ICL Media Review - Week 32

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Friday, August 12, 2016 - 11:30

By ICL Media Review

In this week's review, news about an ECCC expert who refuses to testify, sexual violence in South Sudan, ICC Prosecution request on trial costs, Kosovo war crimes conviction, Ocampo on Yizidi genocide, ICC Trial Chamber and Appeals Chamber decisions and more.

Extraordinary Chambers in the Courts of Cambodia (ECCC)Expert witness refuses to testify before ECCC

On 9 August, Michael Vickery announced to the Khmer Rouge tribunal that he no longer wishes to testify as an expert witness. The renowned historian was due to begin his testimony on 1 August. The court stated that the decision stemmed from advice given to Vickery by a lawyer friend who he should not testify. The news came as a disappointment to both the defence and prosecution, with co-prosecutor William Smith stating that he hoped Vickery ‘would reconsider’ and defence lawyer Victor Koppe stating that it was ‘unfortunate’. (The Phnom Penh Post

Zainab Hawa BanguraUN urges action on accountability for sexual violence crimes in South Sudan

The UN Secretary General's Special Representative on Sexual Violence in Conflict, Zainab Hawa Bangura, has expressed disappointment that her meetings with South Sudanese President Salva Kiir and First Vice President Riek Machar have not put an end to the wave of sexual violence affecting women and girls in South Sudan. Special Representative Bangura furthermore vowed to fight until perpetrators of rape and violence against women and girls in South Sudan are held accountable. The recent conflict in South Sudan broke out in December 2013 between supporters of President Kiir and First Vice President Machar. A preliminary UN investigation into the conflict has revealed that government forces have engaged in a campaign of rape: 217 cases of sexual violence were documented in the capital, Juba, between 8 and 25 July alone. Special Representative Bangura emphasised that “all action should be taken by the government to put an end to this”. She insisted that “those who think they will get off ‘scot-free’ must be joking because we will go after them. It doesn’t matter who they are or where they are. We will go after them and hold them accountable for these crimes.” In addition, last week the High Commissioner for Human Rights Zeid Ra'ad Al Hussein said a preliminary UN investigation into the latest outbreak of violence in South Sudan found that government security forces carried out killings and rapes, as well as looting and destroying properties.  (UN News Centre, UN News Centre, UN News Centre

ICC Prosecution request info from Registry on costs of trial and defence witnesses

The Office of the Prosecutor has filed a Request to Obtain Financial Information from the Registry in the case of The Prosecutor v Jean-Pierre Bemba et al, a case concerning offences against the administration of justice, entailing accusations that Bemba and others corruptly influenced witnesses in prior proceedings. The Prosecutor’s request asks for information regarding the cost of Bemba’s prior trial and the costs incurred by the Court in relation to the witnesses who the Prosecutor argues were corruptly influenced. The Prosecutor wants to present the extent of the pecuniary damage done to the Court by Bemba’s alleged conduct, pursuant to Rule 145(1)(c)’s stipulation that the Chamber consider the “full extent of the damage caused” by alleged crimes. The Prosecutor’s request was made before Trial Chamber VII on 10 August. (ICC Prosecution submission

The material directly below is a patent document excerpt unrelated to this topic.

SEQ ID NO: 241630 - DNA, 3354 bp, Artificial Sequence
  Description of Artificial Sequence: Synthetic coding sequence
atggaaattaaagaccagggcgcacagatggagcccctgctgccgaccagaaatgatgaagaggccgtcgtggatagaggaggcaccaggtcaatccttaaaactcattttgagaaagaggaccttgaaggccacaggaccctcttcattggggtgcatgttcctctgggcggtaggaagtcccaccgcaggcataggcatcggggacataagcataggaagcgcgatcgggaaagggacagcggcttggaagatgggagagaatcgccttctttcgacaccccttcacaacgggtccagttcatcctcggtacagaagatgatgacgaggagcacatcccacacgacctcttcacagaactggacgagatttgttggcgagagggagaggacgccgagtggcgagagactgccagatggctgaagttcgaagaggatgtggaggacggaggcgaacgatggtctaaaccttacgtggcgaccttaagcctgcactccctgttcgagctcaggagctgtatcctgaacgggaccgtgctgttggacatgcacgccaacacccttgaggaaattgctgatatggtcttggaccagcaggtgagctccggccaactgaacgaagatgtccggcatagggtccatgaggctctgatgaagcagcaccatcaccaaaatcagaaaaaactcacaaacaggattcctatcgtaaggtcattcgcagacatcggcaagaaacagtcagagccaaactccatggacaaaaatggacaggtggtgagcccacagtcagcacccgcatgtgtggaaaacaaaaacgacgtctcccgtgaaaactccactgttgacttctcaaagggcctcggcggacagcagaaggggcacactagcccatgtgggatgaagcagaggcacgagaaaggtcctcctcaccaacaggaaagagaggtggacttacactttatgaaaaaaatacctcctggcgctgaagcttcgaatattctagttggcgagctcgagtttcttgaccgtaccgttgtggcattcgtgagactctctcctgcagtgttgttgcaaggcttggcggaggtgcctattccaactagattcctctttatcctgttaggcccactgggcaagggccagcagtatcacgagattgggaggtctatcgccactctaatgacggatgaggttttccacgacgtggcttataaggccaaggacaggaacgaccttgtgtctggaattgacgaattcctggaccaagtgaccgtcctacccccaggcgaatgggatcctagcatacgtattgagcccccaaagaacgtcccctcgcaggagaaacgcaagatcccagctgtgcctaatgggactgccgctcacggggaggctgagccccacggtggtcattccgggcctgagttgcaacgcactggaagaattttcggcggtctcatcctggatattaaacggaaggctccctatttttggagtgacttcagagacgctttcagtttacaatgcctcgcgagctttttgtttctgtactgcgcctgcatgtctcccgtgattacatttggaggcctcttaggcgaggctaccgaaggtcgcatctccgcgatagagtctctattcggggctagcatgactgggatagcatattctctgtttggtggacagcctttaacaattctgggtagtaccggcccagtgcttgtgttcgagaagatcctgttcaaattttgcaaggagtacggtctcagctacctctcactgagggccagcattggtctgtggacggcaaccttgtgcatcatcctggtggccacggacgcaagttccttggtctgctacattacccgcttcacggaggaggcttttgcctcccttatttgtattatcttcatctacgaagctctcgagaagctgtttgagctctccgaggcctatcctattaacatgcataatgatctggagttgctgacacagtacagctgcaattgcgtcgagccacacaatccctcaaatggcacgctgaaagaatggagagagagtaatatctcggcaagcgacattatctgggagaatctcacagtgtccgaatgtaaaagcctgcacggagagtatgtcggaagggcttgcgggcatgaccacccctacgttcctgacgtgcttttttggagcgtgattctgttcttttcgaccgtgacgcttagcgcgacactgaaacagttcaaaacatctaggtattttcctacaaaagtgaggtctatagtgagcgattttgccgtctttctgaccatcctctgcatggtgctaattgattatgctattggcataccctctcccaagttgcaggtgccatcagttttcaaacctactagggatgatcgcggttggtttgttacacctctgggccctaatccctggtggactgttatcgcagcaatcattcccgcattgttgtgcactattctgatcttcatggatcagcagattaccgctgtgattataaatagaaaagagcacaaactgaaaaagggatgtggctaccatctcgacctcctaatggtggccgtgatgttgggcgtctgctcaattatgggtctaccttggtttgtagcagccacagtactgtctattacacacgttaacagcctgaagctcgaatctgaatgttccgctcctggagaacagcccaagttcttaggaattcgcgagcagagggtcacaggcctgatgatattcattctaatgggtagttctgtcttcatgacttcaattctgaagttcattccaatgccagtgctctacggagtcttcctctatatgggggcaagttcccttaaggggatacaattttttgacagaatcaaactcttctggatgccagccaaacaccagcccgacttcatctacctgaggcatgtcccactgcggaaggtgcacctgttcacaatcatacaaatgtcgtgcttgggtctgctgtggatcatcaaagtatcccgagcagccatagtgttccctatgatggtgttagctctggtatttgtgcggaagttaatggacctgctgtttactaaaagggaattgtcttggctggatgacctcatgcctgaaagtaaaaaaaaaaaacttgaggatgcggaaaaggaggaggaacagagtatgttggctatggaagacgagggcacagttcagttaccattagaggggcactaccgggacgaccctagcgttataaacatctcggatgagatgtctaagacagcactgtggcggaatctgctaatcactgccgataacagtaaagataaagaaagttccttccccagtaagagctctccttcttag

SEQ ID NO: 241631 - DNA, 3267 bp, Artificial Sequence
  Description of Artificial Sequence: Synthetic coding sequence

Kosovo Special War Crimes Court convicts Krasniqi of war crimes

Kosovo’s special war crimes court has sentenced an ethnic Albanian guerrilla fighter, Xhemshit Krasniqi, to eight years imprisonment for war crimes committed in 1999 in Albania and Kosovo. A former member of the Kosovo Liberation Army (KLA), Krasniqi was convicted for the “arrest, illegal detention, violation of bodily integrity, health and torture of several witnesses and unknown civilians in the KLA camps”. The Kosovo court consists of a panel of mostly international judges and is part of an EU-funded rule of law project. (Radio Free Europe, Business Standard

Former ICC Prosecutor Luis Moreno OcampoFormer ICC prosecutor says Yazidi community victims of genocide

Former ICC Prosecutor Luis Moreno Ocampo has voiced his commitment to seeking justice for the crimes suffered by the Yazidi community at the hands of ISIS. As part of his efforts to gather evidence which could be used to bring a case to the ICC, Ocampo recently joined a group of Yazidi activists on a visit to a refugee camp in Greece sheltering over 1300 Yazidis. Ocampo observed that “these people have escaped ISIS. They have fled from genocide and that is why they are here now in Europe.” He emphasised the importance of recognising the Yazidis as victims of genocide. Though Iraq – where the crimes occurred – is not a State Party to the ICC Statute, the Kurdistan Regional Government (KRG) has stated that it will cooperate with the ICC to prosecute members of ISIS for the mass killing of an estimate 1,800 Yazidis in 21 locations in August 2014, as well as for the enslavement of thousands more. (Washington Post, Rudaw

ICC Trial Chamber rejects Ntaganda defence request for reconsideration